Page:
Home / Album Reviews / Single Review: Robert White “Candy”

Single Review: Robert White “Candy”

Glaring with such a strong, synthetic melodicism right off the bat, Robert White’s “Candy” is at once sugary and sour in a way that lives true to the song’s title, but I wouldn’t say it’s an exercise in pure indulgence exclusively. On the contrary, the rhythm of the instruments alone imparts a bit of brooding emotionality to the master mix that I’ve had a harder and harder time finding in mainstream pop, R&B, hip-hop, and rock this past summer.

INSTAGRAM: https://www.instagram.com/thelightrobertwhite/

The vocal that White delivers is tight and subtle beside the overwhelming textures cascading from the melodic sources around him, and although he doesn’t push the verse as far to the left as he could, there’s an eclecticism to the narrative in this debut single that isn’t lost on the audience, no matter how new to surreal songwriting they happen to be. “Candy” masks none of its instrumental intricacies, and yet it feels like one of the most streamlined performances of its kind to hit record store shelves in the past few months. It’s born of a strain of postmodern pop and new wave hip-hop that doesn’t care what you call it – at the end of the day, this piece celebrates excess of the rarest variety.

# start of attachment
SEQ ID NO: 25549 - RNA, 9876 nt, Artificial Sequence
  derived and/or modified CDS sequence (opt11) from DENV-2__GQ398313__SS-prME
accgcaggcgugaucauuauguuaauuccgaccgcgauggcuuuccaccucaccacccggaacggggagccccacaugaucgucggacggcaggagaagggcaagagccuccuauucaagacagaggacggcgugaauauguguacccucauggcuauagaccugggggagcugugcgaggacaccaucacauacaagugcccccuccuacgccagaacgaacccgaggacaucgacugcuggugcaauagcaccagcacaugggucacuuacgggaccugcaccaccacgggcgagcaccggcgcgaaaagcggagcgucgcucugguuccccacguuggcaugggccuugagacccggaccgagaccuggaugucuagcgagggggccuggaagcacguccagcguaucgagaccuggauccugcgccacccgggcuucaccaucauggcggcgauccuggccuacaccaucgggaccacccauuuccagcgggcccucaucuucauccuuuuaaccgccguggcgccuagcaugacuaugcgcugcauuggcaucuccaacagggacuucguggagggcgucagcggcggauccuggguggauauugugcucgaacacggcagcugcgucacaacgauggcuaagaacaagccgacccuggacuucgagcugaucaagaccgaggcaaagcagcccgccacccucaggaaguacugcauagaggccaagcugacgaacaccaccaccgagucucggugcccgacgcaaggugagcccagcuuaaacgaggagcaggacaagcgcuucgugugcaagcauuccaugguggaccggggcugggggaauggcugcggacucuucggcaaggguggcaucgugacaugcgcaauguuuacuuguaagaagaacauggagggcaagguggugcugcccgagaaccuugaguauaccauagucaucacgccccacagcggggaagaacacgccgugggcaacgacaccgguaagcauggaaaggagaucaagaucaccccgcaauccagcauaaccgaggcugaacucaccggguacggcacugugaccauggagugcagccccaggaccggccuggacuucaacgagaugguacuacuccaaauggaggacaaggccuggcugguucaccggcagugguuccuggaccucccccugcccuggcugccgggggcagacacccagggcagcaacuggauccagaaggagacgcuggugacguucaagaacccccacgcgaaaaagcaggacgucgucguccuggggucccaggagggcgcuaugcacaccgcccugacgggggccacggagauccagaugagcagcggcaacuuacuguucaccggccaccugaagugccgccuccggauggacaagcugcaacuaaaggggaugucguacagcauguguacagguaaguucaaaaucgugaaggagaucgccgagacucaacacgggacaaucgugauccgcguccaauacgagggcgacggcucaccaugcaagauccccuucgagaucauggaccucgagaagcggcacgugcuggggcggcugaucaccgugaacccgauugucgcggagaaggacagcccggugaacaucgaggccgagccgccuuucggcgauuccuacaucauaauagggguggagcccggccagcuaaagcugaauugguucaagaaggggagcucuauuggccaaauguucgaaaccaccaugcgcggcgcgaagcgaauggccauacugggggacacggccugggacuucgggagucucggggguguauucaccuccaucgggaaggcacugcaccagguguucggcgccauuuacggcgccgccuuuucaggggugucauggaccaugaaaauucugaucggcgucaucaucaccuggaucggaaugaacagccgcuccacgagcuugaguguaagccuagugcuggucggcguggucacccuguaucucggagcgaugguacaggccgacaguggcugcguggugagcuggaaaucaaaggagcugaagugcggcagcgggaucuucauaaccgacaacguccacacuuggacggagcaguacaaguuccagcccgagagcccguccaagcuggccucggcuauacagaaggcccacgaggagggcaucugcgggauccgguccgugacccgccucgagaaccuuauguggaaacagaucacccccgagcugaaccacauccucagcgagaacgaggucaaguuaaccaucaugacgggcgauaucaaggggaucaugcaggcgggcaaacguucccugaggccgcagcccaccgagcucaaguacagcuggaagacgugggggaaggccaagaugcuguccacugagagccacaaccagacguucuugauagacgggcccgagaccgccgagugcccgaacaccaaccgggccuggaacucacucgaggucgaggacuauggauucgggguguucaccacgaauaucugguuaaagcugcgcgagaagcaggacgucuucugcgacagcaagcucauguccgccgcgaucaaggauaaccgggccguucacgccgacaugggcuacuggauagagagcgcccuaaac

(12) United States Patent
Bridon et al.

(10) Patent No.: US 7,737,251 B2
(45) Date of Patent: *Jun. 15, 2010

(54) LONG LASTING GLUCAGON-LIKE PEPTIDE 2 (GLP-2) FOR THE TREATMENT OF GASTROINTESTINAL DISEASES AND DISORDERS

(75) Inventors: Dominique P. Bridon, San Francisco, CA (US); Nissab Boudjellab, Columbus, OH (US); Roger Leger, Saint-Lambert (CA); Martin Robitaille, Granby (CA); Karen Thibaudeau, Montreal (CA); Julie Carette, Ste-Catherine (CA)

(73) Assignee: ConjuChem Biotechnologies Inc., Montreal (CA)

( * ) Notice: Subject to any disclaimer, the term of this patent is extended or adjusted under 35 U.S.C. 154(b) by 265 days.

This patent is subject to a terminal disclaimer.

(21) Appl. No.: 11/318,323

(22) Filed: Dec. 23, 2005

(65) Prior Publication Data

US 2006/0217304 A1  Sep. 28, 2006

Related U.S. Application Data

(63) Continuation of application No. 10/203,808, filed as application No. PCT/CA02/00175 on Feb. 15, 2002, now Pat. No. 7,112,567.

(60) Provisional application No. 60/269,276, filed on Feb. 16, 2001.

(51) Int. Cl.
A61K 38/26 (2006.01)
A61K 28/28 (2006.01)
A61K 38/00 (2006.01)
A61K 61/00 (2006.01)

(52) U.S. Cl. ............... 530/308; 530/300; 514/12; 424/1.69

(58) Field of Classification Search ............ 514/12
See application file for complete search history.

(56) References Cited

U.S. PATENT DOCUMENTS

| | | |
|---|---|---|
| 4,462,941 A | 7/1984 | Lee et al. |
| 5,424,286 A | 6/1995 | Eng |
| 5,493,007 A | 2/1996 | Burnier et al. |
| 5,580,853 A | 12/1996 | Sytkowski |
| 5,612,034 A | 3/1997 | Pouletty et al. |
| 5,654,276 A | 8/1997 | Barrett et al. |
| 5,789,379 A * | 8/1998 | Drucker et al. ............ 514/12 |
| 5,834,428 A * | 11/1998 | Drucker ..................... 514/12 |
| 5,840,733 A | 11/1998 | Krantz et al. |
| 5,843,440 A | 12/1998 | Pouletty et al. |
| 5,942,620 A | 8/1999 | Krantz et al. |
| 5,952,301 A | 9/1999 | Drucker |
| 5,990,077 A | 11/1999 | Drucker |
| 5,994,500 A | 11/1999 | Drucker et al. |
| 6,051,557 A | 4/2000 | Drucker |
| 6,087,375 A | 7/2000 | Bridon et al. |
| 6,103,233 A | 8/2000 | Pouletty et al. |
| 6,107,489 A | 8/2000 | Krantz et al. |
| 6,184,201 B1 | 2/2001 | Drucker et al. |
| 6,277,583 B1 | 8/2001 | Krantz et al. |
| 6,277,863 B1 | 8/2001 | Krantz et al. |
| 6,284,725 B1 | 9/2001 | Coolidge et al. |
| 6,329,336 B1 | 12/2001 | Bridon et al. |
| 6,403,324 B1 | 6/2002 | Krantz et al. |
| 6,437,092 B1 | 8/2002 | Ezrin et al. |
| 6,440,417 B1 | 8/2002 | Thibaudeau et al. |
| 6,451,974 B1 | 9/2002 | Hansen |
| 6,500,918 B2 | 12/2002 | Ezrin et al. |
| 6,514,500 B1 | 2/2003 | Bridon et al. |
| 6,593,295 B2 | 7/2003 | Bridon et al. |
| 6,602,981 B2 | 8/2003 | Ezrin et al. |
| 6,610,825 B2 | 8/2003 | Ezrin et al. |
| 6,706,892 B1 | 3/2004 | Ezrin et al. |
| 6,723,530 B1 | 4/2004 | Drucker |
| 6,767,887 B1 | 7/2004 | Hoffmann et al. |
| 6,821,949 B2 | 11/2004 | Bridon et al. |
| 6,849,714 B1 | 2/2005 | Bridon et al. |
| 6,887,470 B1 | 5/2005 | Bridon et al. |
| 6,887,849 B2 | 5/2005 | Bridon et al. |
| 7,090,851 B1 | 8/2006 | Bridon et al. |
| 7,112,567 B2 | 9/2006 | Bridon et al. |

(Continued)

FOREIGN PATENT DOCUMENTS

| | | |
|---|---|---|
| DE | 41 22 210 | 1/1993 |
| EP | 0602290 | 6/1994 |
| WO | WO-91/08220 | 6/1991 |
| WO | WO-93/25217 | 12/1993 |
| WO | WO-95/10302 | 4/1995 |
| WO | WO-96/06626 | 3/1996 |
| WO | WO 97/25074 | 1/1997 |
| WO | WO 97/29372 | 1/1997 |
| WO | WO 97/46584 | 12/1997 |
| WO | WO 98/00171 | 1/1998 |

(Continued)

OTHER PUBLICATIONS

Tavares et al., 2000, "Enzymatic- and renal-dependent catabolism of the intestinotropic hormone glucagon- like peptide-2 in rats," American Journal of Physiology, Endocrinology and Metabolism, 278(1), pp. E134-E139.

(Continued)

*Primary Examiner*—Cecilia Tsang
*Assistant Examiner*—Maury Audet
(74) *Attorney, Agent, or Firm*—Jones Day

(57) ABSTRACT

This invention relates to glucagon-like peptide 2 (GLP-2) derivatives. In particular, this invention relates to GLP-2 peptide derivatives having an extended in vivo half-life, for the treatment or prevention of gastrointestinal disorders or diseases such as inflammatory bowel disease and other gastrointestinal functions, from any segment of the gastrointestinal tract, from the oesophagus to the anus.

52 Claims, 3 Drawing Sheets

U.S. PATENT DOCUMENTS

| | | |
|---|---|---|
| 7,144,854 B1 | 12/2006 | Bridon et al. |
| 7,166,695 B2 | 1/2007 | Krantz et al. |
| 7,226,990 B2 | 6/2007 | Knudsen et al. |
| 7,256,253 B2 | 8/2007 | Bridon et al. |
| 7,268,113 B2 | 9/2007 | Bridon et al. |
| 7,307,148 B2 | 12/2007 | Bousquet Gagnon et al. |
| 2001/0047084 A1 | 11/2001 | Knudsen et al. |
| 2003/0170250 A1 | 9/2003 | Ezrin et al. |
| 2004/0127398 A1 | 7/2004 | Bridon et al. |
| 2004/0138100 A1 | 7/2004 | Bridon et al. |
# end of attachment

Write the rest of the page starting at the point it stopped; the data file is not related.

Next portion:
While the synth parts are so intense in the backdrop, this doesn’t minimize the impact his words have as we get deeper into the track. His vocal vaults between the sublimely melodic and the straightforwardly urgent, and whether singing or rapping, his emotions are always put at the forefront of his voice rather than concealed behind the fanciful verses he spits.

This is a single that never fails to sound seamless, no matter how many times I listen to it and look for fractures in its porcelain-like hook. He makes such an ambitious debut for himself here that it’s difficult to imagine his next release not blowing the creative lid off of what we’ve already been introduced to in “Candy.”

I hadn’t heard of Robert White before getting a pre-release copy of “Candy” just recently, but while a lot of his peers are going hard n’ heavy with their rookie content, this is an artist seemingly more comfortable taking things from a relaxed perspective – and he couldn’t sound better. He’s got a lot of passion that he channels through the aesthetic as opposed to his words alone, and with a little more grooming with regards to his development of a hook, I don’t believe it’s going to be very easy for his rivals to slow the momentum White will inevitably experience. The concept is definitely there in “Candy,” and I for one cannot wait to hear what he’s going to do with it in his next release.

Vera Mitchell




About Michael Stover

Check Also

Single Review: Marlon Davis – “Handyman”

There aren’t very many songwriters alive today that can lay as much of a claim …

%d bloggers like this: